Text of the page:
WASHINGTON (Reuters) - Sen. John McCain, the presumptive Republican candidate for president, on Monday said he agreed with President George W. Bush's decision to the $289 billion farm bill because it did not cut subsidies to wealthy farmers enough.
"I would veto that bill," McCain said, calling the farm bill an unwarranted handout to corporate farmers and an obstacle to freer agricultural trade worldwide.
"I would veto that bill, and all others like it that serve only the cause of special interests and corporate welfare," McCain said in remarks prepared for a speech in Chicago.
McCain, an Arizona Republican, said excessive U.S. farm subsidies were an obstacle to negotiations to remove trade barriers and unfair agricultural subsidies in other nations.
The five-year farm bill also would increase funding for nutrition programs including food stamps, land stewardship and biofuels development. It also allows higher subsidy rates for wheat and soybeans.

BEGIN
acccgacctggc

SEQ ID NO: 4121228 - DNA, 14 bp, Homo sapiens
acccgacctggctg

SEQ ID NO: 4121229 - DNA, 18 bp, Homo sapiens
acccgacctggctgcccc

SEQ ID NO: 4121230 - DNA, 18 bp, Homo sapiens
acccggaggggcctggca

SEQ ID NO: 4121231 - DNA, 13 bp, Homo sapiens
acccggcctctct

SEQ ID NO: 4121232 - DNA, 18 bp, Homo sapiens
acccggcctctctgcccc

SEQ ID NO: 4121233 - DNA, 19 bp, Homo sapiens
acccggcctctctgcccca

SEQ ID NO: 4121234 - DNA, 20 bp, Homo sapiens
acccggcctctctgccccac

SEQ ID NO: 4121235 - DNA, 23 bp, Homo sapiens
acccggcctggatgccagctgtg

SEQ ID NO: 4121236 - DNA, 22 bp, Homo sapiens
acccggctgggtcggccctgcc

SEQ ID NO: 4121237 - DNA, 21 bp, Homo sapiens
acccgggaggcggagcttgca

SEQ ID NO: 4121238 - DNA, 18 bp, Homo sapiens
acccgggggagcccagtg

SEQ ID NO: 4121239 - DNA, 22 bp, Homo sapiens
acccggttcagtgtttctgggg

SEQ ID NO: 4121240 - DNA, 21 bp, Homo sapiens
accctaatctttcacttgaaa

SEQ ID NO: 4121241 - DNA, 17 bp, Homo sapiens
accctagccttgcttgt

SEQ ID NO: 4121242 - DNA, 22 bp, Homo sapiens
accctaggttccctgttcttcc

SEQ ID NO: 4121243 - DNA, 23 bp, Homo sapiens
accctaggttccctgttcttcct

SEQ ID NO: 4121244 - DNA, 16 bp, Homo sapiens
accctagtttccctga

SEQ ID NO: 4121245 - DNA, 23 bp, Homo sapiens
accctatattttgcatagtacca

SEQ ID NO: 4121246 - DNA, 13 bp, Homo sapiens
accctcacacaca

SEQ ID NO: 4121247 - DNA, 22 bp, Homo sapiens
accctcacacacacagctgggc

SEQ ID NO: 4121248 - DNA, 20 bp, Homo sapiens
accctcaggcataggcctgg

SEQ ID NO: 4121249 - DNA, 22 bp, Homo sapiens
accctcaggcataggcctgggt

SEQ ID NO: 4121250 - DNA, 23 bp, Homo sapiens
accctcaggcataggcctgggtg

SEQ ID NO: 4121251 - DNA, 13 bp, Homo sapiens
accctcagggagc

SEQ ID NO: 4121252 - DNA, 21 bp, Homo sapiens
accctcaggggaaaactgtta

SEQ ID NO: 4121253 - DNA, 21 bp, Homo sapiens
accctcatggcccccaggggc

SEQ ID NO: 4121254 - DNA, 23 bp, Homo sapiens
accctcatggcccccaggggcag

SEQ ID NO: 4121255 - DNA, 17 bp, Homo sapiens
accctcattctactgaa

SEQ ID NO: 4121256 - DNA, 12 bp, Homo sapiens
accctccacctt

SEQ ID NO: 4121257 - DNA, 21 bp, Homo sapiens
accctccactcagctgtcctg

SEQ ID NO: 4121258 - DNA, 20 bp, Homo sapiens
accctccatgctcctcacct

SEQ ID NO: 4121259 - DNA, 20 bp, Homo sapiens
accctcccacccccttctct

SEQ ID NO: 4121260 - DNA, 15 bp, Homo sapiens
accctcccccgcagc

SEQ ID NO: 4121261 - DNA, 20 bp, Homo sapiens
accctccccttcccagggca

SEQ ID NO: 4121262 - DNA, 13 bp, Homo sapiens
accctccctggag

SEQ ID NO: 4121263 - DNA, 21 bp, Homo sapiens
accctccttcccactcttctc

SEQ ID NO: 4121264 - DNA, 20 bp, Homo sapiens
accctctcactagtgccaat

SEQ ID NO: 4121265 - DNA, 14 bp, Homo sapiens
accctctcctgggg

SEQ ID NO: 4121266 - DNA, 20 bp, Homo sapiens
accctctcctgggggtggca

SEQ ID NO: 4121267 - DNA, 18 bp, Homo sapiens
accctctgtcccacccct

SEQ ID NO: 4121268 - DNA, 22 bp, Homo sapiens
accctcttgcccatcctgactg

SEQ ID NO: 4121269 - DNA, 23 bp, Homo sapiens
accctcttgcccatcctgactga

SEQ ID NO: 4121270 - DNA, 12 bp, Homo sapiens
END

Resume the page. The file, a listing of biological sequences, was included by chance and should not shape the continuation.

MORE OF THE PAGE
A few thousand farmers would be affected by language to deny one type of farm subsidy to the wealthiest Americans.
The White House says it expects to receive a final copy of the bill this week and Bush will veto it. Agriculture Committee leaders in the House and Senate say they have the votes to enact the bill over a veto.
A majority of Republicans in Congress joined Democrats to pass the bill by majorities large enough to override a veto, 318-106 in the House and 81-15 in the Senate.
Separately, some 57 percent of 384 people who responded by Monday afternoon to an online poll Agriculture Online, an Iowa-based Internet site for farmers, said they also would veto the farm bill.
In that poll, 34 percent said of the respondents said they would not veto the farm bill, and 9 percent were not sure.
John Walter, an Agriculture Online editor, said the Web site asks readers' opinions regularly. "Every so often, you see a poll that reverses your expectations," he said.
None of the three senators running for president -- McCain and Democrats Hillary Clinton of New York and Barack Obama of Illinois -- voted on the bill. Clinton and Obama applauded Senate passage of the bill and said Bush should sign it.